Since the earthquake on Haiti in 2010, the media have produced a significant number of articles on crowdsourcing information curation in the context of crisis management. They have tried to follow the developments closely, since in their research they are trying to harness the power of the crowd for improving situation awareness of public and decision makers during a crisis event.
The most important arguments made by the author seem to be:
1. You cannot be sure that the crowd is there when you need it. Depending on other events happening, or the geographic area affected, there might not be a sufficient number of volunteers.
2. The basic needs of most members of the affected communities are always the same: Food, water, shelter, basic medical aid.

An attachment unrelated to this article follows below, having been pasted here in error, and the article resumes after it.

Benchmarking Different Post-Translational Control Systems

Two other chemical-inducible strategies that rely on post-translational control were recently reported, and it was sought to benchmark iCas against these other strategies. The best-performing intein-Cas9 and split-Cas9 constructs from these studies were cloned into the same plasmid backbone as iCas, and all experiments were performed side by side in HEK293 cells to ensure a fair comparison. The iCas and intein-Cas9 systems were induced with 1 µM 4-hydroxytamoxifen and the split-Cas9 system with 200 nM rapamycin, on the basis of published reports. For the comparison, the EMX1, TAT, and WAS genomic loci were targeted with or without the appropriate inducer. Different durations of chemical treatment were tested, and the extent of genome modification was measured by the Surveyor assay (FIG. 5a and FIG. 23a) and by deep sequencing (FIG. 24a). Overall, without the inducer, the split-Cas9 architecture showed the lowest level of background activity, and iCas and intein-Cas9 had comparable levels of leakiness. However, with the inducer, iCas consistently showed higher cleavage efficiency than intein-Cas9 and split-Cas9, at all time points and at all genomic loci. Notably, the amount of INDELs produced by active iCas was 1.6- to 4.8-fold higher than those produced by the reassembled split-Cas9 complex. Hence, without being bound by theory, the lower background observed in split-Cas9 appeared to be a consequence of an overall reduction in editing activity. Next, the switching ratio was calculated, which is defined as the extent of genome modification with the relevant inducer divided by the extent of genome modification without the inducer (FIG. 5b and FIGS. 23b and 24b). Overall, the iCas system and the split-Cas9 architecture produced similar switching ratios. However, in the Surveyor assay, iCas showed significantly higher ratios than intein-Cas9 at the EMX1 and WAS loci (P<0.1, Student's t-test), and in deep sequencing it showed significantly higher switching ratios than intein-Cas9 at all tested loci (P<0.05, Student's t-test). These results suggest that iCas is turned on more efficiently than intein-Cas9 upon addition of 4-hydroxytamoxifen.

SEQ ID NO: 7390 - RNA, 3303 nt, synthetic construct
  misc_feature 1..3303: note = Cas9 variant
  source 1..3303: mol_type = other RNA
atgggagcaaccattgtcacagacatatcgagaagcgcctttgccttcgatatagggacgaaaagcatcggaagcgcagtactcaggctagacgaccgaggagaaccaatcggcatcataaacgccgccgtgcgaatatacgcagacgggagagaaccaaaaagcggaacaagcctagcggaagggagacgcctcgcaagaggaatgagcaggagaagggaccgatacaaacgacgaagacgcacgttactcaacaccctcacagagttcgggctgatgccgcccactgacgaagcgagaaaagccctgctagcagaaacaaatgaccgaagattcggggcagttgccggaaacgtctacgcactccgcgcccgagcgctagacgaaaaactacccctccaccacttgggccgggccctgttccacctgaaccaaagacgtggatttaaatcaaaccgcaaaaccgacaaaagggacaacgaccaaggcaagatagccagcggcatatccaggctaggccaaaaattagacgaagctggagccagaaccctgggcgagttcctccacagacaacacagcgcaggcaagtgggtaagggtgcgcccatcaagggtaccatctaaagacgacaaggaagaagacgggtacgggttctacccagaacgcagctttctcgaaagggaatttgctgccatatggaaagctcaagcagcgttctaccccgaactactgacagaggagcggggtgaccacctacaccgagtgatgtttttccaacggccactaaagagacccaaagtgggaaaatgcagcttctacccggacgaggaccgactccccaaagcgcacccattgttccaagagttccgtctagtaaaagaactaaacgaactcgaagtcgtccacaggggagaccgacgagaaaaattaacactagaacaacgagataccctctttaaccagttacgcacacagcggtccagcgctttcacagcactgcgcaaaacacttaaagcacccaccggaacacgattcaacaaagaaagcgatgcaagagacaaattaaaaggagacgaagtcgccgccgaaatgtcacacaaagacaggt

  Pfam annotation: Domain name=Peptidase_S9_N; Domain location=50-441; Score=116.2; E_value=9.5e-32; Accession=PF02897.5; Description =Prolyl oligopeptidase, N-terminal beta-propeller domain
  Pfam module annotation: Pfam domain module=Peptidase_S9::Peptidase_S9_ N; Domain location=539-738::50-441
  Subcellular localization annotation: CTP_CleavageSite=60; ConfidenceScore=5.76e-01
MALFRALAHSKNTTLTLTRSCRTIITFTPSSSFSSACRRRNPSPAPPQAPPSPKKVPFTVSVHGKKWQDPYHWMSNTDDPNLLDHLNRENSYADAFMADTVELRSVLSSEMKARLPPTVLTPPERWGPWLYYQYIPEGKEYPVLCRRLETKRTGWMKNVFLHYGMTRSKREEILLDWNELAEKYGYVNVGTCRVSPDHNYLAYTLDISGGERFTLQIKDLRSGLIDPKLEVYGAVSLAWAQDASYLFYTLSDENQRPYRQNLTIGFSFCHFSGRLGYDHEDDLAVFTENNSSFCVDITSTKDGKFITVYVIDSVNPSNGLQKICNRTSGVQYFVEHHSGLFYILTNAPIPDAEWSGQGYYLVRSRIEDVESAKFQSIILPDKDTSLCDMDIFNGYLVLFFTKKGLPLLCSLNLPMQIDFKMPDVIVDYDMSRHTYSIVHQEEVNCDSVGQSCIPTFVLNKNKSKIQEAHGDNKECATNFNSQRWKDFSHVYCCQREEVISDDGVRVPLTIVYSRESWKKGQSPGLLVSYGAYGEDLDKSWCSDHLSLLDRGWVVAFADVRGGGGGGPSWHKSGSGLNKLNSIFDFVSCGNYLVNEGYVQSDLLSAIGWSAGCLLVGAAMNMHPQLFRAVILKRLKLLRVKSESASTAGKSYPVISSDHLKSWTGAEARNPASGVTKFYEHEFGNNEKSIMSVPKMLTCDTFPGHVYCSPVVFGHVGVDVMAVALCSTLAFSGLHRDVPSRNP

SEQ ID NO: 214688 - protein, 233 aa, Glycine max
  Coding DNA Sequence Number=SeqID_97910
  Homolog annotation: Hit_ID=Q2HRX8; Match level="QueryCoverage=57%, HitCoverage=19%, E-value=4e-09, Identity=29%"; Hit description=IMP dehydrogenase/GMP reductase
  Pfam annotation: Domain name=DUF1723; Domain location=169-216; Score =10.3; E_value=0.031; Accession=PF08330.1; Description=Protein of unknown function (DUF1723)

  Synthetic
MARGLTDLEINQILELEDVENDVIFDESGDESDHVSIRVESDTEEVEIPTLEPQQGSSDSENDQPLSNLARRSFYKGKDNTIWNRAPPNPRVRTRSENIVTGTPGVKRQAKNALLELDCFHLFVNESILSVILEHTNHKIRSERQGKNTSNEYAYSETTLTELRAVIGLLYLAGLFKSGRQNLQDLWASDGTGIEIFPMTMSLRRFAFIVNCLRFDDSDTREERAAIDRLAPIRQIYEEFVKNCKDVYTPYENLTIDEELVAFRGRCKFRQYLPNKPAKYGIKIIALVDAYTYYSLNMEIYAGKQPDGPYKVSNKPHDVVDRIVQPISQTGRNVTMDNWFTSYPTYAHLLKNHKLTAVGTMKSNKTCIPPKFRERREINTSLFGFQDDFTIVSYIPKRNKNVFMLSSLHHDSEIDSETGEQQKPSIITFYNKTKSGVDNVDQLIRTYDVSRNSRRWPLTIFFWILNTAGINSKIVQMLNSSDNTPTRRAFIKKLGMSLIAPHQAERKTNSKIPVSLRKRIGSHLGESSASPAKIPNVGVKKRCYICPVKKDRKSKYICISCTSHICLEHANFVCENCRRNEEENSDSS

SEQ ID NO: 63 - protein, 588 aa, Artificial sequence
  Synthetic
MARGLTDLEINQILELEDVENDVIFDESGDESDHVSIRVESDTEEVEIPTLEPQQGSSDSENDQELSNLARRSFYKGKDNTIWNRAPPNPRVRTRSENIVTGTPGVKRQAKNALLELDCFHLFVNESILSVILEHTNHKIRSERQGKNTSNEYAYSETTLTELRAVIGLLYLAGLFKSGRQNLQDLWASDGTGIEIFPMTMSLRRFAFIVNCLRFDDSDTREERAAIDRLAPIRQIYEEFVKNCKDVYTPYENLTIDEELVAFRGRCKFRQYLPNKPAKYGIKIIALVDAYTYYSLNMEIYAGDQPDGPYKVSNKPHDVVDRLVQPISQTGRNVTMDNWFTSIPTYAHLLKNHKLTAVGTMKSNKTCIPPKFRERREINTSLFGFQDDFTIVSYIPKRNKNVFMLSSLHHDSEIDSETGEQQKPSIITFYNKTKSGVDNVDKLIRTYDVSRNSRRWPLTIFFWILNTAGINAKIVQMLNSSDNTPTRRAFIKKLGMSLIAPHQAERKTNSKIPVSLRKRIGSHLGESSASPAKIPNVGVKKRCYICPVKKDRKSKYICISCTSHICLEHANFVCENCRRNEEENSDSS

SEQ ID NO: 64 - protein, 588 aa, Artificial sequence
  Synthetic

3. Uncertain reliability needs re-checking of information, and the information is of very transitory nature.
Founded in 2010, the industry website, Crowdsourcing.org, is a neutral organization dedicated solely
to crowdsourcing and crowdfunding. As one of the most influential and credible authorities in the crowdsourcing space,
Crowdsourcing.org is recognized worldwide for its intellectual capital, crowdsourcing and crowdfunding
practice expertise and unbiased thought leadership.